Armenian vaccination mandate faces backlash
New regulations virtually mandating that all employees in Armenia have a COVID shot are aimed at boosting the country’s extremely low vaccination rate: When the new rule was announced at the end of August, fewer than 5 percent of Armenians were fully vaccinated, Eurasianet reports. But the law, which comes into effect on October 1, has sparked fierce political resistance and a new wave of anti-vaccine campaigns. And while vaccination rates have risen following the announcement, it appears that hundreds of thousands of employees will still be unvaccinated come the start of the month.
According to the new regulations, virtually all workers in the country will have to either present their employers with a certificate proving they were vaccinated, or take a PCR test every 14 days. With tests costing the equivalent of a substantial portion of most Armenians’ monthly salaries, it effectively amounts to a vaccine mandate.
The largest opposition force in parliament, the Armenia Alliance led by former president Robert Kocharyan, issued a statement on September 10 opposing the regulation. It said vaccines “should be a result of everyone’s conscious decision, not a mandate.” The alliance also argued that the government should subsidize the cost of PCR tests for workers. On September 24, the alliance applied to the Constitutional Court asking for the suspension of the new regulation.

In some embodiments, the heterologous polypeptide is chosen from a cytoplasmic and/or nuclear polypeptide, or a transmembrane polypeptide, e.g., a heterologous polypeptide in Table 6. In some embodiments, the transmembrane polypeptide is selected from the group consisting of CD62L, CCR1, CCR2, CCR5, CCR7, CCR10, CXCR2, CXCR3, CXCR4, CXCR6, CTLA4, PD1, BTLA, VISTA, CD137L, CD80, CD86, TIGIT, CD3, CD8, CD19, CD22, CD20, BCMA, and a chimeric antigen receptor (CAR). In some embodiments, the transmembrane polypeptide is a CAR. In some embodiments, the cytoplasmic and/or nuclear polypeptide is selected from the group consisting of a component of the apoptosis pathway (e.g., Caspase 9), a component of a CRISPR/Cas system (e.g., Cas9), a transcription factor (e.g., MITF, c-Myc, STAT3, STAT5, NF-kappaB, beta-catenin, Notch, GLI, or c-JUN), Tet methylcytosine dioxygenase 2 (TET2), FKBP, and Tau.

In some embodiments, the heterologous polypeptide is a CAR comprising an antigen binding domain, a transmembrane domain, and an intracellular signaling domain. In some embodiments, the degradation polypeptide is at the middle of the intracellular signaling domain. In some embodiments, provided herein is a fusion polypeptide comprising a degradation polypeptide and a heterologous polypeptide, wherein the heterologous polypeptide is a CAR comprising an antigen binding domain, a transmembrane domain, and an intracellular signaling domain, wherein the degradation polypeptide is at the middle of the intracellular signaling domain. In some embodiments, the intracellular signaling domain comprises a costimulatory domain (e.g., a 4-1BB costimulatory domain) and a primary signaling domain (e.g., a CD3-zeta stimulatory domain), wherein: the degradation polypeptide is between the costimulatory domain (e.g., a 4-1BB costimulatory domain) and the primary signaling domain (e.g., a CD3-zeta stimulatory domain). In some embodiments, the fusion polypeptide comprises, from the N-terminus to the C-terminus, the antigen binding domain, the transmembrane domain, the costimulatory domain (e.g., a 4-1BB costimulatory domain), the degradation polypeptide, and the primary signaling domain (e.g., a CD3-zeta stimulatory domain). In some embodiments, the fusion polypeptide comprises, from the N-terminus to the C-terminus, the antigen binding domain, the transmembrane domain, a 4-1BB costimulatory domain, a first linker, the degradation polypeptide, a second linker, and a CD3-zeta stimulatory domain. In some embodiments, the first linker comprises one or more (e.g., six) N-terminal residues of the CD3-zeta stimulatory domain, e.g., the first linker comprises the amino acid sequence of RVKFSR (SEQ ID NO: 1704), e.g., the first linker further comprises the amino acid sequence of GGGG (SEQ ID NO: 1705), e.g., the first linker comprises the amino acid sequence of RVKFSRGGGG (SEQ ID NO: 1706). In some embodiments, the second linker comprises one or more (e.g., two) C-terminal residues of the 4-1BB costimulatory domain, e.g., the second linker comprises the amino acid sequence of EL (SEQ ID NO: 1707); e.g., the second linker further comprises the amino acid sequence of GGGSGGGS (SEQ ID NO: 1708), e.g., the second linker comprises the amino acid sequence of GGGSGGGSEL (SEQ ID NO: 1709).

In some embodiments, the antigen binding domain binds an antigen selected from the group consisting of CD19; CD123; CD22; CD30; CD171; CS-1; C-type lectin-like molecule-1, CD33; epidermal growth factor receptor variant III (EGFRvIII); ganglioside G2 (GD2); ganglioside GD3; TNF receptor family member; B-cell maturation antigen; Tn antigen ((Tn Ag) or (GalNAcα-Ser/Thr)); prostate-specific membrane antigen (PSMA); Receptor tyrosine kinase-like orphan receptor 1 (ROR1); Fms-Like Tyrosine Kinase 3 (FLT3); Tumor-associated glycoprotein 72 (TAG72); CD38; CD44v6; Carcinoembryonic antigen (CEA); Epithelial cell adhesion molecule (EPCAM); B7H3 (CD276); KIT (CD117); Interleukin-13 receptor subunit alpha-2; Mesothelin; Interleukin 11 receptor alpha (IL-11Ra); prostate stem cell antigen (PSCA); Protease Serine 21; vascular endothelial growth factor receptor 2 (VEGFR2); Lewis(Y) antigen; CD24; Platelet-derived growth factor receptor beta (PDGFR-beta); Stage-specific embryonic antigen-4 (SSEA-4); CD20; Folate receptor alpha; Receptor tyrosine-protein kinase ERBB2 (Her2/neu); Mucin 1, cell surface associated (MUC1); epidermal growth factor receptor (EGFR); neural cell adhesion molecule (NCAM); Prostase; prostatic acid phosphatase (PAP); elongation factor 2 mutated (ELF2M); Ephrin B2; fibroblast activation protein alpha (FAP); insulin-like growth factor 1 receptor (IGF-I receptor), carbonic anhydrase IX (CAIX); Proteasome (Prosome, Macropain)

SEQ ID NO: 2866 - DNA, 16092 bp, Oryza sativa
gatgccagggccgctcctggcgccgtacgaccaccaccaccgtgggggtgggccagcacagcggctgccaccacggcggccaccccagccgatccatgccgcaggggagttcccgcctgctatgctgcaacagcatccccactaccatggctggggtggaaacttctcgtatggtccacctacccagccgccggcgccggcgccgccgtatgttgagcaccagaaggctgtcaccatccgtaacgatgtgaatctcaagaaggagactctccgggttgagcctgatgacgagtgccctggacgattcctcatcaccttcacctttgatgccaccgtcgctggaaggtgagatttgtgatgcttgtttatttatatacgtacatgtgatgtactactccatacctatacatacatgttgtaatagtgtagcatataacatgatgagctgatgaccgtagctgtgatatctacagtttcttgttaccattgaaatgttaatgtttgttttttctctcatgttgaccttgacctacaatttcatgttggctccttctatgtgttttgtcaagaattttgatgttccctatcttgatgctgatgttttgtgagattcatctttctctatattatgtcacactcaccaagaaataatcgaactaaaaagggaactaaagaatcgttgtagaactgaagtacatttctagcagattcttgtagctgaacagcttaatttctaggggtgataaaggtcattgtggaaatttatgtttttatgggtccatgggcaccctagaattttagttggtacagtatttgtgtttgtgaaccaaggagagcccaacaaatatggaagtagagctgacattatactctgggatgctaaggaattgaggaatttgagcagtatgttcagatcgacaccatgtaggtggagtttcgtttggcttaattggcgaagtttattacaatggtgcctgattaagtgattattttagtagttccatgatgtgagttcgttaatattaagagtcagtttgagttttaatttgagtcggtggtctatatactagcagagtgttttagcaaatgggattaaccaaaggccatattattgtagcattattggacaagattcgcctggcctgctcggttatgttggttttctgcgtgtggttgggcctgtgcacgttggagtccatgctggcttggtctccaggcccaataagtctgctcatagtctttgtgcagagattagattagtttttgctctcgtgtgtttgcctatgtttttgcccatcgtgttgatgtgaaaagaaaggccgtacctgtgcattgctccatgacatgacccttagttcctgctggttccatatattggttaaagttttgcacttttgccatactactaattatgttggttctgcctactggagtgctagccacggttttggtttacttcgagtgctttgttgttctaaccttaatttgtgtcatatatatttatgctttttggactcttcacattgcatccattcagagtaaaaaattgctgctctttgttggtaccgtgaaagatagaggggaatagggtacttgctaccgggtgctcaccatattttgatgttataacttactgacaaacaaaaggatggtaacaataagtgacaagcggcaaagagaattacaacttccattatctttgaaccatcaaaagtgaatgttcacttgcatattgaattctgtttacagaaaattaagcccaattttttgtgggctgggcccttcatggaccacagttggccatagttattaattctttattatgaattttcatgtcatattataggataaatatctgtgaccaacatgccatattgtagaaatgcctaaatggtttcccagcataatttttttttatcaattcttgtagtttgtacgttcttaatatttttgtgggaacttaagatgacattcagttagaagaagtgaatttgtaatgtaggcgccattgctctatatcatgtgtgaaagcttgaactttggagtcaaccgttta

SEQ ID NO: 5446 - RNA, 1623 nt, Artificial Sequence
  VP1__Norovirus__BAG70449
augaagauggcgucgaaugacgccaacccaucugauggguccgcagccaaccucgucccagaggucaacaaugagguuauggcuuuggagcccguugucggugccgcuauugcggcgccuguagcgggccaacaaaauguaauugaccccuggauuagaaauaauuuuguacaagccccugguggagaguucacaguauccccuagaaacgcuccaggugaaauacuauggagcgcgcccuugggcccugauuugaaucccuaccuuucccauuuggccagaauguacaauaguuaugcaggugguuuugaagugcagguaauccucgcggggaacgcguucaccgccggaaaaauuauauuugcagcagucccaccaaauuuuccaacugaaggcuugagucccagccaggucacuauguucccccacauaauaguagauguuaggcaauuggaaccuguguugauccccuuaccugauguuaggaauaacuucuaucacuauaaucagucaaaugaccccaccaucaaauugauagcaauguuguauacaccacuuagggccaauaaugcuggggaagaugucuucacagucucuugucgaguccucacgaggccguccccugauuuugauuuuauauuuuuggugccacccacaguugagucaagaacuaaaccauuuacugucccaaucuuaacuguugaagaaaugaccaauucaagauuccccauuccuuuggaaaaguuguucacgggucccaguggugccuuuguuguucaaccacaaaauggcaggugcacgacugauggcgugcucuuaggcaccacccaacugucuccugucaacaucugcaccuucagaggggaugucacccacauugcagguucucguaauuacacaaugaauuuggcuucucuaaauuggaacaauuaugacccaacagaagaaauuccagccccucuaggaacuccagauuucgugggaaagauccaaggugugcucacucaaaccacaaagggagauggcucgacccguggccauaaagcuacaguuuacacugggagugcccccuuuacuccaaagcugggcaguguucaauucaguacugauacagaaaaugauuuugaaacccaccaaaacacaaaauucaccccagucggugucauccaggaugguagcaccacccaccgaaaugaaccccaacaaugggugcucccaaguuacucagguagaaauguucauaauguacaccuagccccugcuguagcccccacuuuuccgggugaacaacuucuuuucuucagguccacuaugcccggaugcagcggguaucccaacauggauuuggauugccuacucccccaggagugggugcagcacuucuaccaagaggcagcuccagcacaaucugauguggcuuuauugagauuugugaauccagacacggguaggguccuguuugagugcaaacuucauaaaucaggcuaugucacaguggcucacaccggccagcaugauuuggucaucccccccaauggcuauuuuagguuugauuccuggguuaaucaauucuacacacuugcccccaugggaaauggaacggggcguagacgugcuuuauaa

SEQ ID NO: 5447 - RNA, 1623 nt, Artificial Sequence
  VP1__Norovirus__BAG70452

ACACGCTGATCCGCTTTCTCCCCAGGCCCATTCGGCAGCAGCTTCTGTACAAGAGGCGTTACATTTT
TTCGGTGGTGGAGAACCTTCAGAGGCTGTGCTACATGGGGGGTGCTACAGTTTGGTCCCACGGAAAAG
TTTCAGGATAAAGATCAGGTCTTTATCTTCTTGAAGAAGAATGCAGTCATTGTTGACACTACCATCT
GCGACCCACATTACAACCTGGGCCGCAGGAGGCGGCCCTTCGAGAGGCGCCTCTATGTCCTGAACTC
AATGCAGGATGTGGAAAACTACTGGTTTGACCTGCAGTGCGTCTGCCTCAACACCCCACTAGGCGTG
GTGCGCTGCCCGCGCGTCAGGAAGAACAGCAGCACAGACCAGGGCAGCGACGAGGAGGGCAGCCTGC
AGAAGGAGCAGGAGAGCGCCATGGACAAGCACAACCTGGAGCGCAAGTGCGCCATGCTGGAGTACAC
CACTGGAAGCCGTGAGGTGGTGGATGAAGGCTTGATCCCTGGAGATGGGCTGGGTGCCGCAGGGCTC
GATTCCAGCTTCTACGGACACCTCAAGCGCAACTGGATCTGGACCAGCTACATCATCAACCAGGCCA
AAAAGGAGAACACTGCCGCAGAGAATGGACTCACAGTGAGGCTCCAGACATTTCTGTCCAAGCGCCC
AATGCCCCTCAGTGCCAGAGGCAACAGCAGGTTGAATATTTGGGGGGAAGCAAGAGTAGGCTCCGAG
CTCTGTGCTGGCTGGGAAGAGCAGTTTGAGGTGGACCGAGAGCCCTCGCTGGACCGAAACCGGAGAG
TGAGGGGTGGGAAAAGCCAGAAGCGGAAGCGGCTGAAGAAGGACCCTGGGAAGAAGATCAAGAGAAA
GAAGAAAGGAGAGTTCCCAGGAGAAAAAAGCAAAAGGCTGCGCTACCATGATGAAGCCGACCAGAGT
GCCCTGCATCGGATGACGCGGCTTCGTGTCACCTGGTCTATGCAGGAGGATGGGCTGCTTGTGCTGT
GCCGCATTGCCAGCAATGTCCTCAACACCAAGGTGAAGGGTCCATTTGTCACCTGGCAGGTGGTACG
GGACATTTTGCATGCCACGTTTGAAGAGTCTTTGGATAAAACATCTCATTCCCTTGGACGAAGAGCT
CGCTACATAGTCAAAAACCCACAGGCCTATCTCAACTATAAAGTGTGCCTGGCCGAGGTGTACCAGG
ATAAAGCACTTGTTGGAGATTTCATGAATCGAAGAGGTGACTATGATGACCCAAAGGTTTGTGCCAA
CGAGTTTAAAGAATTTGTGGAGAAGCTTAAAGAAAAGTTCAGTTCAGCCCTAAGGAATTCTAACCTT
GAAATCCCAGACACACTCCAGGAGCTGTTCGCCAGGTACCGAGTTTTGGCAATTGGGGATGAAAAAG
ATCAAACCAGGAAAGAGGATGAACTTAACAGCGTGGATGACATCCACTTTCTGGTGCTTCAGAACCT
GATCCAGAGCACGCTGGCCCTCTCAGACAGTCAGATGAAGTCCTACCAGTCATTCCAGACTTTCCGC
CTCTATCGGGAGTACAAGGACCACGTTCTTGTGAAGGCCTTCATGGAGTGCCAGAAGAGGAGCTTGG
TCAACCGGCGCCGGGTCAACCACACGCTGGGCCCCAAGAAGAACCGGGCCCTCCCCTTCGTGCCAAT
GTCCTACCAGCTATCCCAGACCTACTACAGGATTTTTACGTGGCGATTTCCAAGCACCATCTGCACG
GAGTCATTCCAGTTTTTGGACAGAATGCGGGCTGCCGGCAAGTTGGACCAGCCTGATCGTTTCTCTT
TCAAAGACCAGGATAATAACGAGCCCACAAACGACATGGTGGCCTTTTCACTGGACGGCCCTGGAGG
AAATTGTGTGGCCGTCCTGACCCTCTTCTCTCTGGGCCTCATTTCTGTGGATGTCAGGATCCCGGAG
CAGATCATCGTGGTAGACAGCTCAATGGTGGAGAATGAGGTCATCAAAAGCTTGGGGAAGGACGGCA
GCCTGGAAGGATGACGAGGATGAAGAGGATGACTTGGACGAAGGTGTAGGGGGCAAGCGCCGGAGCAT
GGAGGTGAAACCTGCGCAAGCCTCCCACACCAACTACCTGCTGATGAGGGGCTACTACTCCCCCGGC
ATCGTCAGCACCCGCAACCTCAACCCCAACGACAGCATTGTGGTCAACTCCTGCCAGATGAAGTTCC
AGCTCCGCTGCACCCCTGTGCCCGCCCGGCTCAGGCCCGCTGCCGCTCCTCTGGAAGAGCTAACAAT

Robert Hayrapetyan, a lawyer who was one of the Armenia Alliance’s candidates in this summer’s elections, was one of many who posted instructions on Facebook for people who wanted to break the new rules. “If you come to work without a vaccination or a negative PCR test, the employer has no right to fire you,” Hayrapetyan wrote. “Remember that no one has the right to force you to be vaccinated, especially by the order of the Minister . You can be vaccinated only according to your free will."
In another post he offered similar guidelines for employers, warning that in case of an “illegal” dismissal employers could be sued and subject to substantial fines. The backlash was exacerbated by the government’s clarification that the rules would not apply to high-ranking officials like the prime minister, president, or members of parliament. The Ministry of Justice explained the exceptions by the legal difficulty of applying them to officials who do not have a supervisor; there is no one, for example, who could deny the president his job because he wasn’t vaccinated.
That news nevertheless was met with a negative reaction among Armenians who saw a double standard. Minister of Health Anahit Avanesyan attempted to explain it away by saying that most high-ranked officials are already vaccinated anyway.
Meanwhile, far-right movements have seized on the mandate to launch a new wave of attacks on the vaccination process. One activist group calling itself “The Army of Light” announced that it would organize regular street rallies to protest what it called “mandatory vaccination” and “mandatory clinical trials” forced upon the Armenian population. Since then the group has organized several protests in Yerevan, generally attracting dozens of participants and wide media coverage.
Right-wing politicians also established groups and initiatives aimed at combating government vaccination efforts. One such initiative, “Free Will,” led by the head of the Chamber of Advocates, a non-profit organization, has encouraged Armenians to send information about cases of “serious complications and deaths” related to vaccines for their member doctors to investigate.